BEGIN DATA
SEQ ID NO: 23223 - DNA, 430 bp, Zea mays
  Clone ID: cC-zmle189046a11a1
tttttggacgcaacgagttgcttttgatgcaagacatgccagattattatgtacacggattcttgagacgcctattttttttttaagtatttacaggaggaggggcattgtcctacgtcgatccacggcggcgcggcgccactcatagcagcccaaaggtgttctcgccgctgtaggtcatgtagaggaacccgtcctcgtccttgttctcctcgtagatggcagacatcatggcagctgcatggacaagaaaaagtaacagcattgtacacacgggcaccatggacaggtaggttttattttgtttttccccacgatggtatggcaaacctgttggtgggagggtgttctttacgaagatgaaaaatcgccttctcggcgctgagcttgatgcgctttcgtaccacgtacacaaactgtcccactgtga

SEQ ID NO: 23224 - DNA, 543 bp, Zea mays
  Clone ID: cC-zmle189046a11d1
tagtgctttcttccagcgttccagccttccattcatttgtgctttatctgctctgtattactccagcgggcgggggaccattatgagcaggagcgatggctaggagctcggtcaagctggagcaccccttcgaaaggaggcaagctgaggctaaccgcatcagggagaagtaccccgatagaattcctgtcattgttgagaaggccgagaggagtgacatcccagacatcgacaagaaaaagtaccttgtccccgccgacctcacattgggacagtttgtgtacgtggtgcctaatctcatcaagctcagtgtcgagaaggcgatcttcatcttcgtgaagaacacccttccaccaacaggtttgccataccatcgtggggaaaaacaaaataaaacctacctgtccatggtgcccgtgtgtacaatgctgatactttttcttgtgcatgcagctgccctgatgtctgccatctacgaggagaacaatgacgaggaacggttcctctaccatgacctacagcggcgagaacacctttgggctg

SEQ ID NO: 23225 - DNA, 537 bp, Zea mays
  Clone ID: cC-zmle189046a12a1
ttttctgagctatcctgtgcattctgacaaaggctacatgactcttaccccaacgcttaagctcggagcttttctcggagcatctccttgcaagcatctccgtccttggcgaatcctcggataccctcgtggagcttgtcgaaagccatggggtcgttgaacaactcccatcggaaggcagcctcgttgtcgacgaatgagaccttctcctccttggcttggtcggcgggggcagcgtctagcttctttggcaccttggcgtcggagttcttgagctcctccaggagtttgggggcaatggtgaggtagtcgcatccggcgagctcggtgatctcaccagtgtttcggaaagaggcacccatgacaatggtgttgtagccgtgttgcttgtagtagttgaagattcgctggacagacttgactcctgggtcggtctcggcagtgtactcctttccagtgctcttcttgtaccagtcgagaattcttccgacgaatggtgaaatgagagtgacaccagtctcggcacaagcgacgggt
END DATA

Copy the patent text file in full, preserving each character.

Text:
SEQ ID NO: 23223 - DNA, 430 bp, Zea mays
  Clone ID: cC-zmle189046a11a1
tttttggacgcaacgagttgcttttgatgcaagacatgccagattattatgtacacggattcttgagacgcctattttttttttaagtatttacaggaggaggggcattgtcctacgtcgatccacggcggcgcggcgccactcatagcagcccaaaggtgttctcgccgctgtaggtcatgtagaggaacccgtcctcgtccttgttctcctcgtagatggcagacatcatggcagctgcatggacaagaaaaagtaacagcattgtacacacgggcaccatggacaggtaggttttattttgtttttccccacgatggtatggcaaacctgttggtgggagggtgttctttacgaagatgaaaaatcgccttctcggcgctgagcttgatgcgctttcgtaccacgtacacaaactgtcccactgtga

SEQ ID NO: 23224 - DNA, 543 bp, Zea mays
  Clone ID: cC-zmle189046a11d1
tagtgctttcttccagcgttccagccttccattcatttgtgctttatctgctctgtattactccagcgggcgggggaccattatgagcaggagcgatggctaggagctcggtcaagctggagcaccccttcgaaaggaggcaagctgaggctaaccgcatcagggagaagtaccccgatagaattcctgtcattgttgagaaggccgagaggagtgacatcccagacatcgacaagaaaaagtaccttgtccccgccgacctcacattgggacagtttgtgtacgtggtgcctaatctcatcaagctcagtgtcgagaaggcgatcttcatcttcgtgaagaacacccttccaccaacaggtttgccataccatcgtggggaaaaacaaaataaaacctacctgtccatggtgcccgtgtgtacaatgctgatactttttcttgtgcatgcagctgccctgatgtctgccatctacgaggagaacaatgacgaggaacggttcctctaccatgacctacagcggcgagaacacctttgggctg

SEQ ID NO: 23225 - DNA, 537 bp, Zea mays
  Clone ID: cC-zmle189046a12a1
ttttctgagctatcctgtgcattctgacaaaggctacatgactcttaccccaacgcttaagctcggagcttttctcggagcatctccttgcaagcatctccgtccttggcgaatcctcggataccctcgtggagcttgtcgaaagccatggggtcgttgaacaactcccatcggaaggcagcctcgttgtcgacgaatgagaccttctcctccttggcttggtcggcgggggcagcgtctagcttctttggcaccttggcgtcggagttcttgagctcctccaggagtttgggggcaatggtgaggtagtcgcatccggcgagctcggtgatctcaccagtgtttcggaaagaggcacccatgacaatggtgttgtagccgtgttgcttgtagtagttgaagattcgctggacagacttgactcctgggtcggtctcggcagtgtactcctttccagtgctcttcttgtaccagtcgagaattcttccgacgaatggtgaaatgagagtgacaccagtctcggcacaagcgacgggt